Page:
I don’t think Kip is a bad kid at all, just easily swayed by people who make poor decisions. Ras is not a good friend, but it’s going to be up to Kip to realize that.  It must be frustrating for his parents to be able to see that, and also know that they can’t make Kip realize he has a bad friend. It might help that Kip is going to get Ras into major trouble about this, if he comes fully clean about the smash.  Their friendship may not survive. Regardless, I think these two incidents together might be enough to help him learn how to stand firm against peer pressure.

Isabel and Eyas have also been presented with the possibility of significant change, in their respective stories within this story. Isabel has an opportunity to open doors for the Fleet within the larger galactic community, while Eyas finds herself opening up emotionally in ways she perhaps had never done before (with Sunny, and later when she grieves for Sawyer). What further changes do you see all of this bringing for their own community on the Asteria, and for the Fleet in general?

I feel like what Eyas needs is a private life.  Part of her loneliness, and her feeling of incompleteness in her career, is simply that there is a large part of herself that has no place in her life.  If she had people to go home to, who expected “Eyas the person” and not “Eyas the caretaker”, I think that would relieve some of her dissatisfaction. I feel like that’s what she’s doing, in her kind-of-relationship with Sunny.  He is helping her by creating a place in her life where she can be herself. Maybe she’ll find a way to build that outside of a tryst club.

Isabel’s story might involve a much more dramatic change for the fleet.  I think that the interest that Ghuh’loloan’s bringing to the fleet will ultimately be a good thing.  There are issues with the fleet that need to be addressed, and it’s good that the benefactors want to meet with fleet members to find out what and how.  I hope the end result is positive!

Friday, November 8, 2019

Read-Along: Record of a Spaceborn Few by Becky Chambers, Part 1

It’s been a while since I’ve participated in a read-along, but now it’s time to get back into the habit!  I’ve joined a read-along of Becky Chambers’s Record of a Spaceborn Few for this November, together with Lisa of Dear Geek Place and a few others.  The schedule is as follows, in case you’d like to join in discussion in future weeks:

Week 1: Friday 8th November, discussing Prologue & Part 1
Week 2: Friday 15th November, discussing Parts 2, 3 & 4
Week 3: Friday 22nd November, discussing Parts 5, 6 & 7

I’ve read and reviewed both The Long Way to a Small, Angry Planet and A Closed and Common Orbit, and have been looking forward to learning about the Exodus Fleet in Record of a Spaceborn Few. Today, I’m going to answer the Week 1 discussion questions, so beware of spoilers from here on out through Part 1!  To be honest, it took me longer to get into this one, because the point-of-view kept bouncing around between unrelated (or only slightly related) characters.  I’m still enjoying it, though!

1. As with the previous Wayfarer books, this one is driven more by characters and ideas than by high-energy/high-action plot, despite that prologue. If you're new to the series, is this approach one that surprised you, and what do you think of it so far? If you have read the books before, is it something you appreciate?

It didn’t surprise me, since I’m not new to the series.  It did seem a little more meandering than I remember from previous books, though.  In the first, we had the challenging wormhole-making job, and the second had a clear character arc driving the action.  So far, in this one, we’re just following the daily life of a handful of people in the Fleet, and any kind of overarching plot has yet to emerge.  Their daily lives are interesting, I am just hoping for a little bit more to the plot.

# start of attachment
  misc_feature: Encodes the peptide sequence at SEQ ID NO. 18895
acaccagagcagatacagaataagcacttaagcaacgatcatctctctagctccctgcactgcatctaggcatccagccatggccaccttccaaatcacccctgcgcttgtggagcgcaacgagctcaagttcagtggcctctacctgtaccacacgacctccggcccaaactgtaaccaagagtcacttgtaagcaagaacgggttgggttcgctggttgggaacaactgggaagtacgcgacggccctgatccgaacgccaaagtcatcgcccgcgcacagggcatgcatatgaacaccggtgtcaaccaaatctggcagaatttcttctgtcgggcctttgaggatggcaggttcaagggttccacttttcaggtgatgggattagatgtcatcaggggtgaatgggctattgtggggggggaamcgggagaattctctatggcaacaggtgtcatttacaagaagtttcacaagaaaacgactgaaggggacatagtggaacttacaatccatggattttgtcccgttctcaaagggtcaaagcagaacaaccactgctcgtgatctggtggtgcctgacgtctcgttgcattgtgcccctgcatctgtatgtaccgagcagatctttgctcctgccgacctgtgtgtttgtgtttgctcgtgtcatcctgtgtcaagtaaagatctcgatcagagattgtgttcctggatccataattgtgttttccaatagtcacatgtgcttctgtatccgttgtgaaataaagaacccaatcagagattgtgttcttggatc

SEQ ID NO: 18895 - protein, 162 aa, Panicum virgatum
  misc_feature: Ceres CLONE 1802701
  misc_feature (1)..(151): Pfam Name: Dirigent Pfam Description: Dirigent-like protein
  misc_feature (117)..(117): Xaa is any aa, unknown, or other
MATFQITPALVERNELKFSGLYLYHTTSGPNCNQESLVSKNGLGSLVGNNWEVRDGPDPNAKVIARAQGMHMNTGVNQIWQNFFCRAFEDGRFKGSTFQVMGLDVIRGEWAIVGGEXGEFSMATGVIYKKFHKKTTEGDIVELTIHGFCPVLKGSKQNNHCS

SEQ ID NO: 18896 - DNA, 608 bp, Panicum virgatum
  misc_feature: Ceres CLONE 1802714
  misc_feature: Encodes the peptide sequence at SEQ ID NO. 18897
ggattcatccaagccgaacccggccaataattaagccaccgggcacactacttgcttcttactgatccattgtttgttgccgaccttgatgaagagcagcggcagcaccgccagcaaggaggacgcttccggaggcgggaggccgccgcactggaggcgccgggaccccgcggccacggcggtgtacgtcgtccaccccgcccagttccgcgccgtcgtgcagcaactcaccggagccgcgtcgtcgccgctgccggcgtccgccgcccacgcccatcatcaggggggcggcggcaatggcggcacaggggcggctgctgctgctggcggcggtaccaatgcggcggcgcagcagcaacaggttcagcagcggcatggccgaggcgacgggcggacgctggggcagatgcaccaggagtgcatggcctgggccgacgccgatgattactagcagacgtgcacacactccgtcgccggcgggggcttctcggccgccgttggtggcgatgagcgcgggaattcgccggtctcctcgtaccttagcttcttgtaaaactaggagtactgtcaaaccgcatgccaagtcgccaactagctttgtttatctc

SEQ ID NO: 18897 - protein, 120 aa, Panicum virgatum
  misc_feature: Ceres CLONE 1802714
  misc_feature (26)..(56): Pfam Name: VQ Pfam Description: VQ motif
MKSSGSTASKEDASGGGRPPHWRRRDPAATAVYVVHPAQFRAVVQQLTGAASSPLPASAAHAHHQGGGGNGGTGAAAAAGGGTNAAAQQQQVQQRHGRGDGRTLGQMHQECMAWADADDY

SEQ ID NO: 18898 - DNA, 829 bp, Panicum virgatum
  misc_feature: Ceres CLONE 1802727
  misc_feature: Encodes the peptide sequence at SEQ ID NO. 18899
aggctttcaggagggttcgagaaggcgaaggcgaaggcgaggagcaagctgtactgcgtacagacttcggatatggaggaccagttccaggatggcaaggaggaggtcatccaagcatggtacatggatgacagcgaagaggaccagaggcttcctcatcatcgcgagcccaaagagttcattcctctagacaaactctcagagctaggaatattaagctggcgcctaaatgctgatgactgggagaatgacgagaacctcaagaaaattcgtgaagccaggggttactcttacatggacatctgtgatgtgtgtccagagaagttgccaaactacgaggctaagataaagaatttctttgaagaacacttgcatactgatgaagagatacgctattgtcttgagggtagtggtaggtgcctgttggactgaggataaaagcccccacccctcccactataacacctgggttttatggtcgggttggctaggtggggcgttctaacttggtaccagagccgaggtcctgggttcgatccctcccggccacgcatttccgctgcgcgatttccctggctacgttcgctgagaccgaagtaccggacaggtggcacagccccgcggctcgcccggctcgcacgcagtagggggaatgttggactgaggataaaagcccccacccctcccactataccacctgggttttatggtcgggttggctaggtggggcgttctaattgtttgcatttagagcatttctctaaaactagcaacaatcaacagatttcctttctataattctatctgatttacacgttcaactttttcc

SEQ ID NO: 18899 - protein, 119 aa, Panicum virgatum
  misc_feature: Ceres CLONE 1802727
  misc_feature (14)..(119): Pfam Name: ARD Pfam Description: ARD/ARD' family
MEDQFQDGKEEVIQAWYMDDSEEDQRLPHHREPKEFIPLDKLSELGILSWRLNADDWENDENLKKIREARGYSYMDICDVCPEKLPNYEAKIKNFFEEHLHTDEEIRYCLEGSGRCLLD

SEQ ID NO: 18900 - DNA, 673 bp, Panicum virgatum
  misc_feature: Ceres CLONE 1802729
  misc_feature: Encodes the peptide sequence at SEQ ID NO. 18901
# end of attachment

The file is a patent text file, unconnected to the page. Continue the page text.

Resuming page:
2. Sticking with first impressions a bit longer - what do you think of Exodan life (and all that history), and of the way Becky Chambers presents it to the reader, ie. specifically through the lenses of these characters?

I like the idea of the Fleet as a kind of human homeworld. I didn’t feel like I was being info-dumped on as we learned through the eyes of various characters.  It’s a little sad that the young people see it as a dead-end place, I think, because that implies that the Fleet is in decline from which it may not ultimately recover.

3. In addition to the personal perspective on Exodan life, we do get some perspective from 'outside' sources, namely Sawyer and, to a lesser extent, Ghuh'loloan. How do you feel about their particular perspectives on the Exodan Fleet, and do you think these views in particular are important ones to share? If so, why? (Or why not?)

I think it was important to show at least one outsider view, simply so that we as the readers could get a better description of the society through their experiences. Ghuh’loloan shows that some people do care about learning about humanity, which is nice.  Sawyer… I felt kind of bad for him about that fishy pickle sandwich. He has this idealized picture of what the Fleet is, and maybe he needs to calm down for a while. I think it was nice to show the true outsider view (the alien) and the outsider-with-a-connection view (a human who has never been there before).  It’s kind of like showing, for instance, the culture of a Chinese town simultaneously through the eyes of a white American vs. an American of Chinese descent.

4. Politics, technology, gender identity... As before, this is a book that's all about relationships. How they begin, how they stand now, and how they might progress. There's a lot of today's unfurling potential in how Chambers writes her stories and builds her world(s), but notably without a lot of our conflict. Do you think this is a world we can build, or does it feel too good to be true?  

I don’t know if “too good to be true” is exactly how I’d put it.  I mean, the Earth was destroyed and our species is a minor addition to the wider galactic society.  However, I like that the people in her books, generally, are kind. I sometimes feel like there is a lack of kindness in the world today, but I don’t need that lack to be reflected in the stories I read. I hope we can build a world someday where people care about others, where “no one goes hungry, and everyone has a home”.